Mazda’s Akira Marumoto on a cautious EV approach


Where do you see Mazda’s U.S. sales heading in 2023?

Dealer inventory levels are just over 10 days. So there is potentially very strong demand. As long as we supply vehicles, they are sold. But we are afraid that the allocation our U.S. team wants us to provide is not something we are able to provide yet.

Starting next year, I think we should start thinking about recession. It depends upon the magnitude of a recession, and we aren’t that pessimistic about a recession. But so far, high grade models have been selling well, and we are ready to accept that maybe the high-grade mix of sales may not be as good as next year. Meanwhile, interest rates are rising, so customer payments may increase. So the rich, high-grade mix that we have this year may not be applicable next year.

Could Mazda’s U.S. sales decline in 2023?

We still haven’t decided the next fiscal year’s sales trend. If there is no Shanghai lockdown-type problem, and if semiconductor supply improves, we believe we will grow globally and in the U.S.

How serious is the labor shortage around Mazda’s new Alabama assembly plant?

Alabama is facing a tight situation. The unemployment rate is around 2.2 percent. So it’s tighter than the national average. I think the labor shortage in the manufacturing sector is really a serious issue.

We’ve been dealing with COVID-19 for more than two years and nine months. Employment in the service industry is really growing, but not in manufacturing. Also, turnover among young people is very bad. That is the challenge that faces U.S. manufacturing.

What is Mazda’s strategy for EVs in the U.S.?

If you look at the U.S., eventually we would like to produce EVs there, but the earliest timing would be the latter half of Phase 2 (Phase 2 runs 2025-2027). There are so many things we need to research and study first. We are not considering establishing a dedicated EV plant.

When Mazda thinks about building an EV, the Alabama plant and the Mexico plant are the two plants we can think about in terms of the U.S. market.

In Alabama, we just introduced the CX-50. So we have to make sure the CX-50 is nurtured into a profitable product. And we must nurture the Alabama plant into a plant with high quality.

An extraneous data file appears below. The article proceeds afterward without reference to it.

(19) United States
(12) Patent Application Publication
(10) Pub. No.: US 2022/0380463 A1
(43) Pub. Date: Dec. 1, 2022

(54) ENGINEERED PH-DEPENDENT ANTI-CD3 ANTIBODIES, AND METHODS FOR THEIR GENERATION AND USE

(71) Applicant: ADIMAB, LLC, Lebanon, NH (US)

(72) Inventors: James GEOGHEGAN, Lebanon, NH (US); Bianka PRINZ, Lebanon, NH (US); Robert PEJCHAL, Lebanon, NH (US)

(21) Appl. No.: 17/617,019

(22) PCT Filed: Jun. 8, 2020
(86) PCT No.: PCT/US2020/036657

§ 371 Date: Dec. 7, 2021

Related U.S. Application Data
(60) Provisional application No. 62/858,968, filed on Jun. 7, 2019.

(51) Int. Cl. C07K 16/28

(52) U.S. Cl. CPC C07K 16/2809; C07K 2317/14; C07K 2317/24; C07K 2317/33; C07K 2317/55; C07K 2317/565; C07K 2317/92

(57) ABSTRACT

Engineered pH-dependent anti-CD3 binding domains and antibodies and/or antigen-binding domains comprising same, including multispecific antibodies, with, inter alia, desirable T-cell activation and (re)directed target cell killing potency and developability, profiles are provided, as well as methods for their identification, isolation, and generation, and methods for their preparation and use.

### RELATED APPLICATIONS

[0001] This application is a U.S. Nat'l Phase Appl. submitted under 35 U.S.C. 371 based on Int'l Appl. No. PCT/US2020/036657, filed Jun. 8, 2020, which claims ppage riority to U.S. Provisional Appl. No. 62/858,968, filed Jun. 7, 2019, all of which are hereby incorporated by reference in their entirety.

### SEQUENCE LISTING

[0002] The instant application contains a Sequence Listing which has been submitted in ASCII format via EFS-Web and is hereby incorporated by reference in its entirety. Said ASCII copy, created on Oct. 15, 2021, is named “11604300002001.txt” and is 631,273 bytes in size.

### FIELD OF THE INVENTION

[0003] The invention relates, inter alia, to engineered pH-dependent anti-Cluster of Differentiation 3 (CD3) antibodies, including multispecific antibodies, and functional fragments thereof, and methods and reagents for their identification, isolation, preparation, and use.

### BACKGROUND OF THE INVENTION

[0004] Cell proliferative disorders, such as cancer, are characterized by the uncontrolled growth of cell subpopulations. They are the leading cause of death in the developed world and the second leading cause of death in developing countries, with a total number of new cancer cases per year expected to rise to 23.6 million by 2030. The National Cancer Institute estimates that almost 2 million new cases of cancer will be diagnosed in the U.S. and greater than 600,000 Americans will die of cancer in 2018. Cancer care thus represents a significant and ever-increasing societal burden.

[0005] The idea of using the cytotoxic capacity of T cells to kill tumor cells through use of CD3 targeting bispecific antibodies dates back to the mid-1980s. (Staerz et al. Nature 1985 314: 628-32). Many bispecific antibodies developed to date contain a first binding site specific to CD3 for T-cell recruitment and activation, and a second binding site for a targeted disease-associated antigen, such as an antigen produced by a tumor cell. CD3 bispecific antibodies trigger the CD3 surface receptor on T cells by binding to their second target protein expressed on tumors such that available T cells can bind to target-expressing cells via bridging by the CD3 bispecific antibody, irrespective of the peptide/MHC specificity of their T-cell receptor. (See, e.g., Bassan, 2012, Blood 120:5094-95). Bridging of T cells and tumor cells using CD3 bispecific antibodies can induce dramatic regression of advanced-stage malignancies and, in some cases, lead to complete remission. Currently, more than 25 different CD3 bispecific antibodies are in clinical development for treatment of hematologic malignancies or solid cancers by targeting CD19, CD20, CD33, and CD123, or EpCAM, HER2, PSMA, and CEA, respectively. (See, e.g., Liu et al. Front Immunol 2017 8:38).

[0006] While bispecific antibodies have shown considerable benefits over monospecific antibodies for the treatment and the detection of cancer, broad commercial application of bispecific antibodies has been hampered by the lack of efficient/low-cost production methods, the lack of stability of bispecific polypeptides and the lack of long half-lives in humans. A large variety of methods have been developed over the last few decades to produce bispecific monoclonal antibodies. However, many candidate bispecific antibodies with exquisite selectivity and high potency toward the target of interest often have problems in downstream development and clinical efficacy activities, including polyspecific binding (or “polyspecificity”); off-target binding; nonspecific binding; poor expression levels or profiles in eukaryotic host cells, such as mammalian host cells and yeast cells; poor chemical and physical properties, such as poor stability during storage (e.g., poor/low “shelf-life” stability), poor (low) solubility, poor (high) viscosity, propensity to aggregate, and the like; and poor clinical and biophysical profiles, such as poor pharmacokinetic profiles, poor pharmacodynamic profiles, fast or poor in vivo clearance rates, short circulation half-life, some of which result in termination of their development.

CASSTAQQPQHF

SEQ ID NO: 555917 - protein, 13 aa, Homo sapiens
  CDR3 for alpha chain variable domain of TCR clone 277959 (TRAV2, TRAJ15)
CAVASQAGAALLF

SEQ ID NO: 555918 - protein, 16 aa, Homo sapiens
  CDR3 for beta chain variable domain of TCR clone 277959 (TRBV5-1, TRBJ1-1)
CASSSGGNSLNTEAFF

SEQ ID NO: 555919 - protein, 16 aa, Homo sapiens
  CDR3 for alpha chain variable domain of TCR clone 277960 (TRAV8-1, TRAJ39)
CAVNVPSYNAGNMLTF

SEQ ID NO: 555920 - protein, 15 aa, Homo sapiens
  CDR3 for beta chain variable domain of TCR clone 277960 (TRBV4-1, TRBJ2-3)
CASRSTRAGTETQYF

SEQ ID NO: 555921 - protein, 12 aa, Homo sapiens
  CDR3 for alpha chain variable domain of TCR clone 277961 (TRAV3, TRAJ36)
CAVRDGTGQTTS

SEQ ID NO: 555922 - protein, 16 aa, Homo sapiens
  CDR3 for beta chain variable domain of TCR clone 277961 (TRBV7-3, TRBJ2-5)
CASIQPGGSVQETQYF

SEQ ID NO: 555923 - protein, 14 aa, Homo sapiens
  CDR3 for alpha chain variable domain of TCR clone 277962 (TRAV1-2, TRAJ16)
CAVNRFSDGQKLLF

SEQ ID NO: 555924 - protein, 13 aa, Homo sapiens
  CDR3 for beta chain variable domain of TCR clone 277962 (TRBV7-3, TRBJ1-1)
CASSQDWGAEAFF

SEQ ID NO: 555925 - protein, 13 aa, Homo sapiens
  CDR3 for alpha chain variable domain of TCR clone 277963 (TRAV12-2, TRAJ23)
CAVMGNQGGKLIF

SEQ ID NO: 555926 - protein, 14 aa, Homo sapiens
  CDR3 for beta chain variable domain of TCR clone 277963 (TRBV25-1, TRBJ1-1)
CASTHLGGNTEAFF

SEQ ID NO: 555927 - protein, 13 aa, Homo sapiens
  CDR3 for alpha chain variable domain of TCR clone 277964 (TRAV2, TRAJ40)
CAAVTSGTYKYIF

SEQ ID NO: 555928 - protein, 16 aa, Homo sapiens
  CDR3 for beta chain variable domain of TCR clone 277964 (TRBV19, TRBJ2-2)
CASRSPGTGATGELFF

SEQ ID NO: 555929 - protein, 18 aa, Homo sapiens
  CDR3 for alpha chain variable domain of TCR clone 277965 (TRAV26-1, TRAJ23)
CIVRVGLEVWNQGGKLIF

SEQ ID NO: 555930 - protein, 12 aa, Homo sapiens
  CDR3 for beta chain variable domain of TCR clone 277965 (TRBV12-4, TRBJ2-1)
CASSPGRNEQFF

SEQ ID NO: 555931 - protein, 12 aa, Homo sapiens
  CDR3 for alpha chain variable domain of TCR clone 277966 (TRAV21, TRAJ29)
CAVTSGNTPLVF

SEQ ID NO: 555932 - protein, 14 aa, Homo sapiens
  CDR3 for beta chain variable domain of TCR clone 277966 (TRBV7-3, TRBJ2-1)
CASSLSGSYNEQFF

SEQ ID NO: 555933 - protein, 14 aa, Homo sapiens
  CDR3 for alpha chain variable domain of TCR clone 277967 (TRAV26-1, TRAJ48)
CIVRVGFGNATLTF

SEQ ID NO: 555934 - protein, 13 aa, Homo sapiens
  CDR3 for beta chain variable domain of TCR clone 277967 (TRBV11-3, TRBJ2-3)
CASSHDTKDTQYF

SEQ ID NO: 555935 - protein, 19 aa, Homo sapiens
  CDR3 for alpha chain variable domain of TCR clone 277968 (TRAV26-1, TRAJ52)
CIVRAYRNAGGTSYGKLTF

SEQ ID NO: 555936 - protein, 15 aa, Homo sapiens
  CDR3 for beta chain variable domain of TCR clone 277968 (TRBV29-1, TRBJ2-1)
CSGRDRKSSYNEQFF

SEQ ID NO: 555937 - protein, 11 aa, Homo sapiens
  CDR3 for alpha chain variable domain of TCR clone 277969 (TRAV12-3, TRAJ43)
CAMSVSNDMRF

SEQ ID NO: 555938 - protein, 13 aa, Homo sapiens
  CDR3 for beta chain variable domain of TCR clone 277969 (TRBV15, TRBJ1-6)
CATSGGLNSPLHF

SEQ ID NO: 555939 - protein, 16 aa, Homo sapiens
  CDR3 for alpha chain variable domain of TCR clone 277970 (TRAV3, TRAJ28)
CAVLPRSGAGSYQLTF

There are so many uncertainties, like the employment situation, the battery procurement situations and the [Inflation Reduction Act] requirements. As soon as we see clarity, we will make a judgment.

Is Mazda working in-house on its own battery technology?

We are actually doing research in that area right now. We are working from the chemical reaction level and we would like to establish those technologies.

In Phase 3 (2028-2030), we will make a judgment as to whether we can produce those batteries ourselves, based on the progress of development and whether we can establish a good financial basis for it.

Can such a small automaker as Mazda realistically achieve its own battery breakthrough?

We have just started the research, so we can’t make a judgment yet. But we are doing research in chemical reaction because we want to understand the control technology.

If we want the best battery control technologies, we need to understand the chemical mechanisms.

Is the industry over-investing or under-investing in EVs?

Compared with two years ago, customers’ acceptance of EVs has really increased more than we expected. I’m sure EV volume will continue to increase. But I can’t predict the timeline of EV penetration because there are so many uncertainties.

We have to ask why we are making EVs. The answer is to achieve a carbon neutral society. To achieve a carbon neutral society, we need to increase carbon neutral power generation in tandem with the increased penetration of EVs. Otherwise, it’s pointless.

It may not help carbon neutrality to increase EVs in markets that rely on coal- and oil-based power generation.

The auto industry can’t achieve this by itself. It requires linkage with energy policies. Power generation methods are not following EV penetration. We need to strike a balance, and we are not there yet.

Mazda’s timeline calls for using carbon neutral fuels by 2035. How do you envision that?

We use trucks to transport things within the company. For example, we mass produce engines here in Hiroshima and transfer them to the Hofu assembly plant in Yamaguchi. We envision using carbon neutral fuel in that kind of transportation.

What is the strategy for the MX-5 Miata or a future RX sporty car in the era of electrification?

To achieve carbon neutrality, we will proceed with electrification of those models. And we want to keep the joy of driving that is the essence of the Mazda brand. We will keep evolving that value. We are committed to continuing that.



Source: www.autonews.com

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